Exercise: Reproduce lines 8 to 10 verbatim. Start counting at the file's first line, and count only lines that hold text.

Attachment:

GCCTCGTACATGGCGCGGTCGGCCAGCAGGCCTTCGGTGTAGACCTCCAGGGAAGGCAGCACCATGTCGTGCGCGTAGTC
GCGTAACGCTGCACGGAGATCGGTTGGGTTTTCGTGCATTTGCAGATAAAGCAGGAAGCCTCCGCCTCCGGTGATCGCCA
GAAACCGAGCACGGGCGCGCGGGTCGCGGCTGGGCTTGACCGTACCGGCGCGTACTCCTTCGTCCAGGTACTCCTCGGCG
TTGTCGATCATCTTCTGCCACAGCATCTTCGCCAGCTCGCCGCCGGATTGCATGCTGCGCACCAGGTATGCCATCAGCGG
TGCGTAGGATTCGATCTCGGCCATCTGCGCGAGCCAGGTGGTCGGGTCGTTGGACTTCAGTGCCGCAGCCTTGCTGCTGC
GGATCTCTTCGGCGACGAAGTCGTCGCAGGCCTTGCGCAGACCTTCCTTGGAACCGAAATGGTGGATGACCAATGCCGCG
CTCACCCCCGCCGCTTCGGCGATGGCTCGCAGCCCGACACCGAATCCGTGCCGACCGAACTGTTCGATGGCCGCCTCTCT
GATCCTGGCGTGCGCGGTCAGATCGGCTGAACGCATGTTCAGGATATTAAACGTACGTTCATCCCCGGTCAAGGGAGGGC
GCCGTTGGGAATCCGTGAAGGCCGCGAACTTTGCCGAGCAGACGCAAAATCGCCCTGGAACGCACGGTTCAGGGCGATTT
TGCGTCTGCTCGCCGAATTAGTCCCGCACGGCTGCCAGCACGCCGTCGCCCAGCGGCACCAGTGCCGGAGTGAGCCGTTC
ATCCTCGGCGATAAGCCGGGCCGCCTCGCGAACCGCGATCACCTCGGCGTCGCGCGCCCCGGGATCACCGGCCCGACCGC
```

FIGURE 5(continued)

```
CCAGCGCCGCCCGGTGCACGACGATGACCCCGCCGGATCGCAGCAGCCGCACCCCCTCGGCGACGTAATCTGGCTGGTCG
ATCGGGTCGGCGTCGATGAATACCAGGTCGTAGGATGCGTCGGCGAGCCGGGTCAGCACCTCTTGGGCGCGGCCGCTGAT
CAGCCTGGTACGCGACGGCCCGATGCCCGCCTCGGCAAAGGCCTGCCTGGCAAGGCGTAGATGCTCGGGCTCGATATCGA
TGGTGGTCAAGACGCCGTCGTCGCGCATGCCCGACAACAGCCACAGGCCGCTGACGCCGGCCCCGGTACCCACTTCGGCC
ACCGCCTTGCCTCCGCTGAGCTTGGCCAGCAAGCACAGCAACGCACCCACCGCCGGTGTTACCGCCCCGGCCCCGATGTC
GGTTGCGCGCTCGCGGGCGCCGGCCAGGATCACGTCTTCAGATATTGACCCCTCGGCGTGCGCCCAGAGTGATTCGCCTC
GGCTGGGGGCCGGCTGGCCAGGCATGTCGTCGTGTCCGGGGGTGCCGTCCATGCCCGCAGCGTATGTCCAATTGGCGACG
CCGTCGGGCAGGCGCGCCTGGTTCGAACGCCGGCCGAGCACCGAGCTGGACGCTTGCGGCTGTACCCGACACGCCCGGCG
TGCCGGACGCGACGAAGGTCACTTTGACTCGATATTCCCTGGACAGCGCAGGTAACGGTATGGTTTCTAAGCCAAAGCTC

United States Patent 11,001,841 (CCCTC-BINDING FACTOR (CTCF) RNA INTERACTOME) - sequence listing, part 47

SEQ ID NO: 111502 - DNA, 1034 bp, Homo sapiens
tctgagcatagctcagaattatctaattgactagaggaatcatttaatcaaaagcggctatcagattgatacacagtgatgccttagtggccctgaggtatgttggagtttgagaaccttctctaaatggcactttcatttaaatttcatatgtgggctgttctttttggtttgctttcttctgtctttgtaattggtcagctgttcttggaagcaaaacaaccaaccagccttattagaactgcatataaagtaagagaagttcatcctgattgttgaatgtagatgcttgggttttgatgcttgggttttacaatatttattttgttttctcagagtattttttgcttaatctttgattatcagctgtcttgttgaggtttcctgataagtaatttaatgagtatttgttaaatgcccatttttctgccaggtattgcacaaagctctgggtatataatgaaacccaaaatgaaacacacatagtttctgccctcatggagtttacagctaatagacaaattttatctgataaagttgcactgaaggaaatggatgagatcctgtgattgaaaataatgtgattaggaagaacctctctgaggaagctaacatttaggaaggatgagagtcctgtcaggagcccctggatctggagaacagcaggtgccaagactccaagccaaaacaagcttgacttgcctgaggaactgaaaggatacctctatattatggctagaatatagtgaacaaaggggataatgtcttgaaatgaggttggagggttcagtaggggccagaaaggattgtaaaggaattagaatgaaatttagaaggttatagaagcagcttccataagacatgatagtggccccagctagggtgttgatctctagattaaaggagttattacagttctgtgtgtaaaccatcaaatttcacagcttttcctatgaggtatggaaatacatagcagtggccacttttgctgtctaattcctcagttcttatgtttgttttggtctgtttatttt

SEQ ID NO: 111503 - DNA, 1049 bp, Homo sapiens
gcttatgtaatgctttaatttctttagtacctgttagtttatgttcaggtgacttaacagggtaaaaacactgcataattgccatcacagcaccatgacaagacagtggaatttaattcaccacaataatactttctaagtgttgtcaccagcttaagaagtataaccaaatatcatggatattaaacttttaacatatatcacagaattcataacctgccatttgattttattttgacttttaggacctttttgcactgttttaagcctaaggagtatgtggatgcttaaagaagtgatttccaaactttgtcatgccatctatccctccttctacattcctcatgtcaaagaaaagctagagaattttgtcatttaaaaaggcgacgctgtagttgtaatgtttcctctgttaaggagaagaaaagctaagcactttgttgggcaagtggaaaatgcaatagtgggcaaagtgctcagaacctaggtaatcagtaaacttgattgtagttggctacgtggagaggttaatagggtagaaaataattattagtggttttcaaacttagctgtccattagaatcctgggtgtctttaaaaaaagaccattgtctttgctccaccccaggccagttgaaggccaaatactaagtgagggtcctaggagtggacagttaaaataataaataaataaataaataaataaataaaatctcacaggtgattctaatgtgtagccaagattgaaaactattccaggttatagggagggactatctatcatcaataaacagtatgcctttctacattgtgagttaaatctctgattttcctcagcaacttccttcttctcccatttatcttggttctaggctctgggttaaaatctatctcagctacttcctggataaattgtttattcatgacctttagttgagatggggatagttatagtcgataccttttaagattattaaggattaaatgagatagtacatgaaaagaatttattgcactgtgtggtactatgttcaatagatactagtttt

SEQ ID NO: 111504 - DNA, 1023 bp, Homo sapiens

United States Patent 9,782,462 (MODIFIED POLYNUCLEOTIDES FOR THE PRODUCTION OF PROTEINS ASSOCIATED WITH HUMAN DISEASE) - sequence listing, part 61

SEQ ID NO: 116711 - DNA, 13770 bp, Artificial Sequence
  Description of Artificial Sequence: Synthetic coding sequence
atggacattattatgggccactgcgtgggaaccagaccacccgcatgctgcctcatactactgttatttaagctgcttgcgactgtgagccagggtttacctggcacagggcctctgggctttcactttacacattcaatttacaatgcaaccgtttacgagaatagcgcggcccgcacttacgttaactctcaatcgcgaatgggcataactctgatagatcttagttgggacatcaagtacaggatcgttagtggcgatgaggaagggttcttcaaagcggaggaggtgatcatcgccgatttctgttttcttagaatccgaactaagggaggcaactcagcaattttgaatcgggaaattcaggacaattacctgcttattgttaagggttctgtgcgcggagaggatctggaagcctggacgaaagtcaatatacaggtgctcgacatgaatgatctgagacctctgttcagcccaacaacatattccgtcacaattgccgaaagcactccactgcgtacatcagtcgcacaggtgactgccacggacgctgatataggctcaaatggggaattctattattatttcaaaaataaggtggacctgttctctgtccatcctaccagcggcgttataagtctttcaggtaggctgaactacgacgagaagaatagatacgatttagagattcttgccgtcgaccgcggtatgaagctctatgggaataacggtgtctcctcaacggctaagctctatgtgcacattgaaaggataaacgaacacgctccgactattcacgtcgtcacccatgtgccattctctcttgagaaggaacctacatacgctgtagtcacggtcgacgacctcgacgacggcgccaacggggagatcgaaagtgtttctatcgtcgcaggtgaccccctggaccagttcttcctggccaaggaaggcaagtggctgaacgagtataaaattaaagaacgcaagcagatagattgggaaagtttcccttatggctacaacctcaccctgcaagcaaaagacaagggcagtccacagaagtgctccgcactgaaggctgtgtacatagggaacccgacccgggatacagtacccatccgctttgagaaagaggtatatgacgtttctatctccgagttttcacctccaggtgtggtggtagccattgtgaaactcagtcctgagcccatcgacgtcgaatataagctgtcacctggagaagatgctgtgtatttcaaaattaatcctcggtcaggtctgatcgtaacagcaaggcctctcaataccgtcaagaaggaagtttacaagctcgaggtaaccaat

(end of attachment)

GATCCTGGCGTGCGCGGTCAGATCGGCTGAACGCATGTTCAGGATATTAAACGTACGTTCATCCCCGGTCAAGGGAGGGC
GCCGTTGGGAATCCGTGAAGGCCGCGAACTTTGCCGAGCAGACGCAAAATCGCCCTGGAACGCACGGTTCAGGGCGATTT
TGCGTCTGCTCGCCGAATTAGTCCCGCACGGCTGCCAGCACGCCGTCGCCCAGCGGCACCAGTGCCGGAGTGAGCCGTTC